Watch Out for These Tricky Grammar Rules When Taking the SAT or ACT
When it comes to editing, taking a moment to reflect on how something sounds can help you troubleshoot some common errors. Unfortunately, not every grammar question can be solved simply by sounding it out; there are some sentences that may sound “right”, but fall short when it comes to proper grammar.
If you are planning on taking the SAT or ACT, it’s important that your understanding of grammar is up to par. Keep reading to learn more about five grammar rules that are so easy to miss, they almost seem scary.
The Dangling Modifier
The dangling modifier is a prime example of a sneaky grammar rule. The phrase refers to a sentence in which a clause meant to modify a person or thing doing the action (the subject) is actually describing something else. The word dangling is used to connote the description’s distance from the subject itself.
Wrong: Despite feeling fine, the nurse insisted that Jane stay in the hospital overnight.
Right: Despite feeling fine, Jane was required to stay in the hospital overnight.
Fewer vs. Less
Determining when to use fewer and when to use less requires a little thinking. For countable nouns, or objects that can be quantified, the correct choice is fewer while less is the go-to option for things that cannot be counted. There are two important exceptions to this rule: time and money. For example, “I have less time for my hobbies now that I’m working full time”, or “I make less money than I used to, but I love my new job”.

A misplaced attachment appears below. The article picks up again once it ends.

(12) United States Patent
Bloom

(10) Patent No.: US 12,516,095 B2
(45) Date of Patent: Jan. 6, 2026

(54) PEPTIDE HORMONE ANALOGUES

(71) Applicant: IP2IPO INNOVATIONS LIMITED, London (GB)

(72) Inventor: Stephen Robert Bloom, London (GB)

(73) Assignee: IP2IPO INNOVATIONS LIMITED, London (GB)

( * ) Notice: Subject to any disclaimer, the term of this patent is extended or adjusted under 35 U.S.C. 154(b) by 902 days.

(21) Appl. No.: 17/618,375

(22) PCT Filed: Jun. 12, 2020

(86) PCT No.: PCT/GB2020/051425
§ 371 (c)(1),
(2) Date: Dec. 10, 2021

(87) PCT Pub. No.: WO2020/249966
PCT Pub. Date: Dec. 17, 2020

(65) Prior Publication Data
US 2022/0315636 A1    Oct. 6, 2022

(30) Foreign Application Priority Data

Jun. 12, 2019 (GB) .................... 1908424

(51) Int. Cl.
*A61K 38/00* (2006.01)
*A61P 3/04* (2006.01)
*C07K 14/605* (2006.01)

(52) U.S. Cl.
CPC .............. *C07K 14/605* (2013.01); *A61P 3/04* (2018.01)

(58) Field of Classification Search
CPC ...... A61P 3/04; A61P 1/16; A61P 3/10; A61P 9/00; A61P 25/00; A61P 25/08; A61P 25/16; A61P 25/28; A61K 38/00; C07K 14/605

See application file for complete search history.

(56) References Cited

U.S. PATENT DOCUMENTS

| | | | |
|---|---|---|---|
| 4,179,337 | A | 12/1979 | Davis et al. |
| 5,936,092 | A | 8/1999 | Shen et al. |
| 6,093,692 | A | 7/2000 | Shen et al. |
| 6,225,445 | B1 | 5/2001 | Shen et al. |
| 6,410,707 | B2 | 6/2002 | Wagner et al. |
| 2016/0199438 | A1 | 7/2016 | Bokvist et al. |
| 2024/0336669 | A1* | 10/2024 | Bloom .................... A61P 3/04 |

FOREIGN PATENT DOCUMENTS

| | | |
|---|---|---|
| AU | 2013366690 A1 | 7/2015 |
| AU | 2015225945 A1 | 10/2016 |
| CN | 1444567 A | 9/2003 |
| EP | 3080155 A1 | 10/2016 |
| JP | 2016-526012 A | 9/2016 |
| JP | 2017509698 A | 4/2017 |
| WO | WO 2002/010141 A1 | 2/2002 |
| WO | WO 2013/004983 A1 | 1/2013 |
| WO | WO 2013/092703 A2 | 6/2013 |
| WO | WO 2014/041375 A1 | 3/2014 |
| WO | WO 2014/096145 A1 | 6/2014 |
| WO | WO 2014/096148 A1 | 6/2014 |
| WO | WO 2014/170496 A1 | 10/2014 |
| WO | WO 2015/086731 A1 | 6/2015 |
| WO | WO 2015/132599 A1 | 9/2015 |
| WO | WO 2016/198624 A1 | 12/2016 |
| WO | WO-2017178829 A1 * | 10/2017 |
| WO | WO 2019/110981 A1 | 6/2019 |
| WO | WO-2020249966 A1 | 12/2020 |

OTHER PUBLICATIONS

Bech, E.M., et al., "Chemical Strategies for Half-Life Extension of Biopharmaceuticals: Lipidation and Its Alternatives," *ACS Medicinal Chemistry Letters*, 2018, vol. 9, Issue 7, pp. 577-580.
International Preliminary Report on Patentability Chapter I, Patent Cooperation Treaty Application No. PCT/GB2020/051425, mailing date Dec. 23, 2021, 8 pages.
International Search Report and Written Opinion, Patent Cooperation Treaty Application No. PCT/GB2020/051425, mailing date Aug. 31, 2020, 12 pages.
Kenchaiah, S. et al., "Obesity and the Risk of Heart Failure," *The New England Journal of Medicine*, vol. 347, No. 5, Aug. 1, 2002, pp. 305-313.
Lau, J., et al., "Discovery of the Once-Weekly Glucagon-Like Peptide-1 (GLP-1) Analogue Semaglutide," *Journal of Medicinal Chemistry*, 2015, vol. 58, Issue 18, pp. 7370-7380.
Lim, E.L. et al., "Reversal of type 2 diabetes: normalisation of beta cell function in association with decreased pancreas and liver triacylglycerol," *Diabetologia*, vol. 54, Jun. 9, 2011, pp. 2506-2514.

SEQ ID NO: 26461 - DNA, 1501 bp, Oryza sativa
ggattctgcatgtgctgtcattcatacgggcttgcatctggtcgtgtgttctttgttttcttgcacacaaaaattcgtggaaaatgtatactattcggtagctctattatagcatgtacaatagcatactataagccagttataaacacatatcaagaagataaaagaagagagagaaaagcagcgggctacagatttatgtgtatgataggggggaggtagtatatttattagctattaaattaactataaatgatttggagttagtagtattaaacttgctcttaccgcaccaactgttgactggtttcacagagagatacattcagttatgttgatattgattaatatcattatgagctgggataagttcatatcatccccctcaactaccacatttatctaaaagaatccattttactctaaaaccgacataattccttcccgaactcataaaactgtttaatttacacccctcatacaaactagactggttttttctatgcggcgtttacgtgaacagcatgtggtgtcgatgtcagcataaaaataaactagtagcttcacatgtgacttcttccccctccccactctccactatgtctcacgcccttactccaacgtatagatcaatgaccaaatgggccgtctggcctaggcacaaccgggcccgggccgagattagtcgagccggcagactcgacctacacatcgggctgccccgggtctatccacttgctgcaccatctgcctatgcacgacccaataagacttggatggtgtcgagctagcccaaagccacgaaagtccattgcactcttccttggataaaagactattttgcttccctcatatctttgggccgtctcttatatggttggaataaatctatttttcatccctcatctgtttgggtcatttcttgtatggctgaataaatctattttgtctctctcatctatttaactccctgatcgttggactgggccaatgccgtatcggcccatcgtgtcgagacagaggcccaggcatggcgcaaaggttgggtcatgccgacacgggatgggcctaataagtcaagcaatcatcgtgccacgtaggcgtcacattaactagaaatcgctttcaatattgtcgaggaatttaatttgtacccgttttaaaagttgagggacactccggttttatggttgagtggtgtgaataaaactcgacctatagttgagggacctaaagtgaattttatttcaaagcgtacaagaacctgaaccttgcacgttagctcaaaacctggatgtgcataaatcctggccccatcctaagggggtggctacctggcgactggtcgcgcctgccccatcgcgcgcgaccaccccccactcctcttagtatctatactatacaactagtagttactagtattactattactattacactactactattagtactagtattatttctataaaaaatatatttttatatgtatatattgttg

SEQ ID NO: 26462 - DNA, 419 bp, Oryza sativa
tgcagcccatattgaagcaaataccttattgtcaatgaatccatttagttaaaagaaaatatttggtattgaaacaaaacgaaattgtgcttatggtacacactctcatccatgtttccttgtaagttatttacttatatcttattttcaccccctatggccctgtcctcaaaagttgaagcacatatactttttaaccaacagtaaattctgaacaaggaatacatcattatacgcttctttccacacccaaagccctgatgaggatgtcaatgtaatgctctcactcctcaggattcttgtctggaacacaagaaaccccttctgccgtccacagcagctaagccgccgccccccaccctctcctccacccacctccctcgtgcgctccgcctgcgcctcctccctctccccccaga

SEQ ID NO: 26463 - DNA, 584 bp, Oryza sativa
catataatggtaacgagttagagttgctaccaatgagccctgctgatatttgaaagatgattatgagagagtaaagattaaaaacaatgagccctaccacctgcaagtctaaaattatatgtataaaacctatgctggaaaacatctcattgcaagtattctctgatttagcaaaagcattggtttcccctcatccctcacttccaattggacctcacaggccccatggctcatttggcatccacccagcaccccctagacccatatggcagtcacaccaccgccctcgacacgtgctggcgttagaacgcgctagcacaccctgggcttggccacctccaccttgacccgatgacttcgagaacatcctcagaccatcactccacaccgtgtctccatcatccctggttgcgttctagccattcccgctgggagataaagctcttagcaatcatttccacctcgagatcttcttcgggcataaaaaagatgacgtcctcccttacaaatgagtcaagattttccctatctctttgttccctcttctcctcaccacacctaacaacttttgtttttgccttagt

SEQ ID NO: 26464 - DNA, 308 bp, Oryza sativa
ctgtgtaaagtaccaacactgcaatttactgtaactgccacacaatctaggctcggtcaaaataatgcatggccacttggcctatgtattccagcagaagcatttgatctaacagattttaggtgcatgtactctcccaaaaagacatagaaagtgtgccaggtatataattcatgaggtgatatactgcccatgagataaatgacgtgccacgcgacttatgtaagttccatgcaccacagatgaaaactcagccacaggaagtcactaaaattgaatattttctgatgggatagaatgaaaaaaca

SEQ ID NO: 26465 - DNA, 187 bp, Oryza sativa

Wrong: There are less students in my English class than in my biology class.
Right: There are fewer students in my English class than in my biology class.
Apostrophes may be a small punctuation mark, but they can change the meaning of a sentence in a big way. Remember that they are used to show possession or create a contraction and that they should never be used before an ‘s’ to pluralize a noun. In order to show possession, an apostrophe is placed after a noun to indicate that something belongs to someone or something else. Take extra caution when using apostrophes in two contraction words, “it’s” and “who’s”. Both of these words sound the same as other words (respectively its and whose), but have different meanings.
Wrong: I always have soccer practice on Wednesday’s and Friday’s.
Right: I always have soccer practice on Wednesdays and Fridays.
Affect vs. Effect
The difference between these two words can be confusing to many people, but knowing which one to use is actually simple. Affect is a verb, something that someone does, while effect is a noun, or an actual thing.
Wrong: Caffeine barely effects me. I can drink lots of coffee and not feel any different.
Right: Caffeine barely affects me. I can drink lots of coffee and not feel any different.
Parallelism refers to the idea that all items in a list should be in the same form, such as activities that end in ‘ing’. While there might not be anything technically wrong with sentences without parallel structures, those that follow this rule often sound much better.
Wrong: In the summer, I like hiking, swimming, and to go to the beach.
Right: In the summer, I like hiking, swimming, and going to the beach.
By learning more about these five easy-to-miss rules, answering tricky grammar questions on the ACT or SAT will become manageable, not scary. If you are looking for extra guidance throughout your test preparation process, our team of expert tutors can guide you in the right direction.